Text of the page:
I use LinkedIn a lot. I’ve been on there for years and love to browse jobs and make connections with professionals in my field. Not long ago, someone sent me a request to connect. I didn’t even view their profile-I just accepted like I always do.
It’s just LinkedIn, not something personal like Instagram and Facebook. Plus, most of my profile is public anyway. Almost immediately after accepting, I got a text from one of my very good friends. She told me that someone she is friends with wants to connect with me about possible job opportunities. Guess who it was? The same person whose connection request on LinkedIn I had just accepted.
He could have just sent me a message on LinkedIn, I thought. I dismissed the uneasy feeling I had and told her she could pass my contact information along. I was not actively looking and it was a few days before I took a ten-day trip but I spoke with him anyway.
Once I chatted with him, I realized he was just trying to fill roles and didn’t really care much to actually listen to my career goals. He was pushy and rude. I told him politely several times the type of role I wanted. I told him that I wanted a full-time position and not a contract fill. I mentioned that I wanted to stay in the tech field, mainly software, and not branch out to other industries. Yet time and time again he kept reaching out about roles that didn’t relate to my background, skill sets nor salary expectations.. This went on for over a month. After ignoring him several times he tried to strike up a conversation one Friday afternoon by saying this:
“No offense but if you have a middle name throw it on your resume instead of last name. It’s not just for the obvious reason of discriminating but other reasons as well.”
Reading that made a knot form in my stomach. I never thought discrimination played a role in any opportunities I applied to because to date I had a pretty solid career with a plethora of companies. What’s wrong with Abdolrazek? I thought.
Those ten letters are a part of my identity. It has been my name my whole life. Abdolrazek is written on my University diploma, on my passports, and IDs. Hoda Mohamed Abdolrazek is the name on my birth certificate. Hoda Mohamed Abdolrazek is not just my name, it is a culmination of all my achievements and downfalls for more than a quarter century; it’s part of who I am as a person. Up until that moment, the thought that I was at a disadvantage because of my name never even crossed my mind.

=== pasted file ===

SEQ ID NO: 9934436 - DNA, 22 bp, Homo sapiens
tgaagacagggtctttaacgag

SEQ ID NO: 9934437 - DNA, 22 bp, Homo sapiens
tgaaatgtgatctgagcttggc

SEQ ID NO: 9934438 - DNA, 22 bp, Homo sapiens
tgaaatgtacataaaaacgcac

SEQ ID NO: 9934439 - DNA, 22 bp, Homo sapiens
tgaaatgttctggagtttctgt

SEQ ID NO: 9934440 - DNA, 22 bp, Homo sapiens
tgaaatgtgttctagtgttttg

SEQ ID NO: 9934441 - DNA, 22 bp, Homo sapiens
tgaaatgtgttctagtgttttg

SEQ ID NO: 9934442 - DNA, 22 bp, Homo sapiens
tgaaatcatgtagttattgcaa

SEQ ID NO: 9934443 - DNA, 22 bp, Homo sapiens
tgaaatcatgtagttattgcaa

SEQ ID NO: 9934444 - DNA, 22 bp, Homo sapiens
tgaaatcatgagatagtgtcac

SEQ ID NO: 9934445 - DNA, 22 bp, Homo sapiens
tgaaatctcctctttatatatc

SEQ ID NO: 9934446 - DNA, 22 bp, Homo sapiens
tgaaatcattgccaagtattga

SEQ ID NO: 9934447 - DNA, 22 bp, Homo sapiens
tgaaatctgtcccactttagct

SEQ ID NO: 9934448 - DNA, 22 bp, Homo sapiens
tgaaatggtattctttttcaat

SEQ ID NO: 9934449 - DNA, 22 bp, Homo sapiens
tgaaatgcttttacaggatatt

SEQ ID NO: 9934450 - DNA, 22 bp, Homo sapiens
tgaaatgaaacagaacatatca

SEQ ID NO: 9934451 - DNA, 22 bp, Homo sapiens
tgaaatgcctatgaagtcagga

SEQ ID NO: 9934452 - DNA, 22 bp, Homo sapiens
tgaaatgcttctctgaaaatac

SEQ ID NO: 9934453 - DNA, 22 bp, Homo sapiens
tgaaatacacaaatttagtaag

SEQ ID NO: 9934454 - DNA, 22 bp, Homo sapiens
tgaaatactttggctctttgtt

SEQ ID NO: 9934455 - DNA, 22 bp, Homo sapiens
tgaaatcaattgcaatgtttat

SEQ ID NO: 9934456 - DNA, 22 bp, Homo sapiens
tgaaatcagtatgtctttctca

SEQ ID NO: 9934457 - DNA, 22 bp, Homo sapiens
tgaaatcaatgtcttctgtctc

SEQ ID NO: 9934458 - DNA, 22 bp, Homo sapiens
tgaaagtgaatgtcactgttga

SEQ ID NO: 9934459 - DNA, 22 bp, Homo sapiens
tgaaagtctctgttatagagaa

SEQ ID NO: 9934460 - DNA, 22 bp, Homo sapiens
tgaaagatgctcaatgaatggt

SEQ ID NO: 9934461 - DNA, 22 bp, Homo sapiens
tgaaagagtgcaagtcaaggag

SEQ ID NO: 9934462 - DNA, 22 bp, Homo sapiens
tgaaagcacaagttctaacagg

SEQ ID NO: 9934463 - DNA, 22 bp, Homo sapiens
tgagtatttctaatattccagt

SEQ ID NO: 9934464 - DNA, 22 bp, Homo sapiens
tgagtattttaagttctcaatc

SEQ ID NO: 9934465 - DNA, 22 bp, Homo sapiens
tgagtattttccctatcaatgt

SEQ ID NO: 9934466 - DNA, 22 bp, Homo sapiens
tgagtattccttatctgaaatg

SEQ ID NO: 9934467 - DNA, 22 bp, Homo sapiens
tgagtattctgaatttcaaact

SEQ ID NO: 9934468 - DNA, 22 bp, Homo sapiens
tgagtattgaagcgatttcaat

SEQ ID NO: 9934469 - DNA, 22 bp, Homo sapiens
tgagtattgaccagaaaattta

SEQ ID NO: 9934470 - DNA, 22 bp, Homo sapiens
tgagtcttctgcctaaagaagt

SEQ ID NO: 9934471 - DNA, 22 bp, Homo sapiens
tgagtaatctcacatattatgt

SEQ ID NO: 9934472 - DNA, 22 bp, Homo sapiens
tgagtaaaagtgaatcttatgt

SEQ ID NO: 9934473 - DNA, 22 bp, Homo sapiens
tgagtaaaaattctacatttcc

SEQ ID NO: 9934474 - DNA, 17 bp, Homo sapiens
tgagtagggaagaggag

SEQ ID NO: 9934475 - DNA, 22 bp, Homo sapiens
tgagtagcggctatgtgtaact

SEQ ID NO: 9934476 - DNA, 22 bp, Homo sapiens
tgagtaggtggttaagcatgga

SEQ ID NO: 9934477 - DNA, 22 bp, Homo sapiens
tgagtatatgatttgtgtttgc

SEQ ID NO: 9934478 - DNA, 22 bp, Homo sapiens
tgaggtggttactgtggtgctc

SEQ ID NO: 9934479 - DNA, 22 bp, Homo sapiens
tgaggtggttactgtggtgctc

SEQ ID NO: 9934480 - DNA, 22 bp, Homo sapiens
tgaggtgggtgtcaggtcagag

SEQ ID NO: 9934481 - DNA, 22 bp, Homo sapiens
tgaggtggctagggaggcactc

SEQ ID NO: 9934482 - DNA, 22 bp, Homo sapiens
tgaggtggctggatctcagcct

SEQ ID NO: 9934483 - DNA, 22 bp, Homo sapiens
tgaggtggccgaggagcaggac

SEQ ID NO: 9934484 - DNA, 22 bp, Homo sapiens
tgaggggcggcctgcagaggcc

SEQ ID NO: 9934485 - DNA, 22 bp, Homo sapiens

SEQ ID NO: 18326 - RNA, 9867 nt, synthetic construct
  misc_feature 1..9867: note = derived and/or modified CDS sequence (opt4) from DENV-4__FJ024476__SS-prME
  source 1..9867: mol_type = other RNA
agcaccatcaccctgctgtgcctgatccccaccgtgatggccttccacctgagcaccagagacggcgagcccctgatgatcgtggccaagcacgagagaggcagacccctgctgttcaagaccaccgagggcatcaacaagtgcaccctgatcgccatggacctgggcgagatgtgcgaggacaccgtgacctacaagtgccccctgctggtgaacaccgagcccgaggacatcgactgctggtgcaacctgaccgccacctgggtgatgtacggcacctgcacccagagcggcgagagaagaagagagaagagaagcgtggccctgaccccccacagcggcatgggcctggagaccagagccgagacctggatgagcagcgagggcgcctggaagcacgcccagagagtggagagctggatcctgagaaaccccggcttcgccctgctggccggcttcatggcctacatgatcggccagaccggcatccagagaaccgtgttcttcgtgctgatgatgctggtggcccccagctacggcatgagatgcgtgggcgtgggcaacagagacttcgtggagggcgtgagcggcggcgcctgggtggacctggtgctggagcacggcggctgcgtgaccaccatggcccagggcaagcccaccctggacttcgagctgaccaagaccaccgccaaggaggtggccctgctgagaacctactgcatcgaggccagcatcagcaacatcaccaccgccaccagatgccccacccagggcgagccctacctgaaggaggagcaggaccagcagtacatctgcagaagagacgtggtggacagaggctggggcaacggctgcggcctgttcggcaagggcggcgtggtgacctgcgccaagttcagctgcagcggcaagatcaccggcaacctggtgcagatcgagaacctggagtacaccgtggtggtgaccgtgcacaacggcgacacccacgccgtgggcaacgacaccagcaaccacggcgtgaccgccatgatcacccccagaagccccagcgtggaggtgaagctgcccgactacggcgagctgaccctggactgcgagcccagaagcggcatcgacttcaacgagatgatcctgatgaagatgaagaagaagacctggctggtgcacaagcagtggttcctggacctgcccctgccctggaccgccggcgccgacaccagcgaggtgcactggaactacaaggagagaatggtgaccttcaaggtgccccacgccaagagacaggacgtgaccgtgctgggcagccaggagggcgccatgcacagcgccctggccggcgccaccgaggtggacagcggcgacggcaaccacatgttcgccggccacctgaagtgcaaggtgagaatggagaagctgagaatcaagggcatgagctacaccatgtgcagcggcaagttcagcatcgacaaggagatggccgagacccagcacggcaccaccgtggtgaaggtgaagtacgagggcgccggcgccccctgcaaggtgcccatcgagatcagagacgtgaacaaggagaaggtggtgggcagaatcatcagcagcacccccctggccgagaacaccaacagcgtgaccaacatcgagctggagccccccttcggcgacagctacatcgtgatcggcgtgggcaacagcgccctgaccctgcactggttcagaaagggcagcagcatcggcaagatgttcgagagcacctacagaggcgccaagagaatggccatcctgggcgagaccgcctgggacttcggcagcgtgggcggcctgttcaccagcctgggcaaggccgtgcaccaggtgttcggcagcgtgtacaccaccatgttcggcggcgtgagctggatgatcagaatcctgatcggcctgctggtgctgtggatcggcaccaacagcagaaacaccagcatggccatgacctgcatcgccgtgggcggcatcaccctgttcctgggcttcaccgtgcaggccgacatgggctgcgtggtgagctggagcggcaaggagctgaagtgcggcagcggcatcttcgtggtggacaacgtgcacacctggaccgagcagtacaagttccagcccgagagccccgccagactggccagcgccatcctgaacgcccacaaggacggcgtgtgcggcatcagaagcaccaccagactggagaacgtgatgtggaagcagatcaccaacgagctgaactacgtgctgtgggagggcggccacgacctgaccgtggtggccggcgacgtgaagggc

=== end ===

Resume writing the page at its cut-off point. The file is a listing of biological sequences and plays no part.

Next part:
I was offended to say the least. More so because the person telling me this should understand since his name is pretty similar to mine. He was Muslim-Egyptian-American like me. Part of me wanted to dismiss this whole interaction and block his number and email address and be done. But the fighter in me needed to make a point.
“My middle name is Mohamed. What’s wrong with my last name? I’m not sure I follow. Are you saying my last name is too Muslim?”
He responded almost immediately: “Yea, that and it can be mistaken for an Indian candidate looking for a visa which is very common.”
I had no words after this. It was all I needed to read and the explanation was pathetic in my opinion. I always went by the principle that if a company didn’t want to hire me then I probably didn’t want to work for them either. It’s a two-way relationship between an employee and an employer—you both have to want in.
I had forgotten all about this encounter until a few days later. Someone named Dean that I definitely did know added me on LinkedIn. His last name said Jones but I knew it was definitely not Jones. It was something else entirely and very Middle Eastern. I decided to message him on LinkedIn and ask if he was the same person that I thought I knew and used his Lebanese last name to confirm if he was the same Dean I had met years ago. He responded right away and said that, yes, he was the same Dean but that he decided to legally change his last name because he couldn’t find a single job using his real last name. He went on to tell me about how he sent his identical resume with his Middle Eastern last name and later with his new Americanized last name to the same company and with his credentials only got a call back when he was Dean Jones.
I was in absolute awe. These two situations happening so closely together really blew my mind. Some of the biggest companies in America, let alone the world, are run by foreigners, some from the Middle East, a lot from India, and so many Europeans. America especially has CEO’s from various ethnicities and with citizenships from all around the world. Most companies actually promote diversity and look for those with different backgrounds whether educational or cultural as it brings a new outlook to the organization… And here I was being told by two people with similar backgrounds as me that I was at a disadvantage because of my name.
But knowing who I am and embracing my name is what has gotten me this far in my career
Suddenly it hit me. There was nothing wrong with my name and everything wrong with these two individuals who were insecure about their heritage or implying that I should be insecure about mine. There was a point in my career where I would have believed them. I may have even gone as far as changing my name on documents to see if it would give me an advantage. But knowing who I am and embracing my name is what has gotten me this far in my career and I wouldn’t change these experiences whether incredibly challenging or mind-numbingly boring by manipulating my name and my identity to meet the standards of certain individuals.
If there’s anything I’ve learned in my professional career, it’s that being candid and honest is extremely important. While maintaining a level of professionalism, don’t ever apologize or hide who are just to get ahead. In my humble opinion, lying or cheating your way into a job will provide no baraqa (blessings).